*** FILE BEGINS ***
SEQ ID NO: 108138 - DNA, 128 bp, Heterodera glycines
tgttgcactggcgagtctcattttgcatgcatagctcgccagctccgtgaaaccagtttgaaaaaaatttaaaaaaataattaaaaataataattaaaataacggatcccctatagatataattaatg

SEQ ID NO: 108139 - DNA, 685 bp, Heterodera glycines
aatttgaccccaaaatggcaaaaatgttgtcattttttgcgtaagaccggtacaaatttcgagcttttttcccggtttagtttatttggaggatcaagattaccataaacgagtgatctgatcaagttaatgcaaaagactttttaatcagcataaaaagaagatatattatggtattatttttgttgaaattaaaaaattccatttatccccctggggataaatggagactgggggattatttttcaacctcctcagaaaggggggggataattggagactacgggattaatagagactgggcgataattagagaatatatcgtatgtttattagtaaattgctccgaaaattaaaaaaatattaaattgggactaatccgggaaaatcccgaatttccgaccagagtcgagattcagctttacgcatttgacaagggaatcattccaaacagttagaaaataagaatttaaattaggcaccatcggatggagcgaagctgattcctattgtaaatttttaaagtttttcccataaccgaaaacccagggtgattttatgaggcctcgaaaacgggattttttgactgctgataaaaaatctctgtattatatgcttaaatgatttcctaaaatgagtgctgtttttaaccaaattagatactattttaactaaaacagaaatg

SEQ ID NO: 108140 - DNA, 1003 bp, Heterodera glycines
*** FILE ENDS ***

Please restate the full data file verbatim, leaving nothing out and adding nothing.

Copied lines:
SEQ ID NO: 108138 - DNA, 128 bp, Heterodera glycines
tgttgcactggcgagtctcattttgcatgcatagctcgccagctccgtgaaaccagtttgaaaaaaatttaaaaaaataattaaaaataataattaaaataacggatcccctatagatataattaatg

SEQ ID NO: 108139 - DNA, 685 bp, Heterodera glycines
aatttgaccccaaaatggcaaaaatgttgtcattttttgcgtaagaccggtacaaatttcgagcttttttcccggtttagtttatttggaggatcaagattaccataaacgagtgatctgatcaagttaatgcaaaagactttttaatcagcataaaaagaagatatattatggtattatttttgttgaaattaaaaaattccatttatccccctggggataaatggagactgggggattatttttcaacctcctcagaaaggggggggataattggagactacgggattaatagagactgggcgataattagagaatatatcgtatgtttattagtaaattgctccgaaaattaaaaaaatattaaattgggactaatccgggaaaatcccgaatttccgaccagagtcgagattcagctttacgcatttgacaagggaatcattccaaacagttagaaaataagaatttaaattaggcaccatcggatggagcgaagctgattcctattgtaaatttttaaagtttttcccataaccgaaaacccagggtgattttatgaggcctcgaaaacgggattttttgactgctgataaaaaatctctgtattatatgcttaaatgatttcctaaaatgagtgctgtttttaaccaaattagatactattttaactaaaacagaaatg

SEQ ID NO: 108140 - DNA, 1003 bp, Heterodera glycines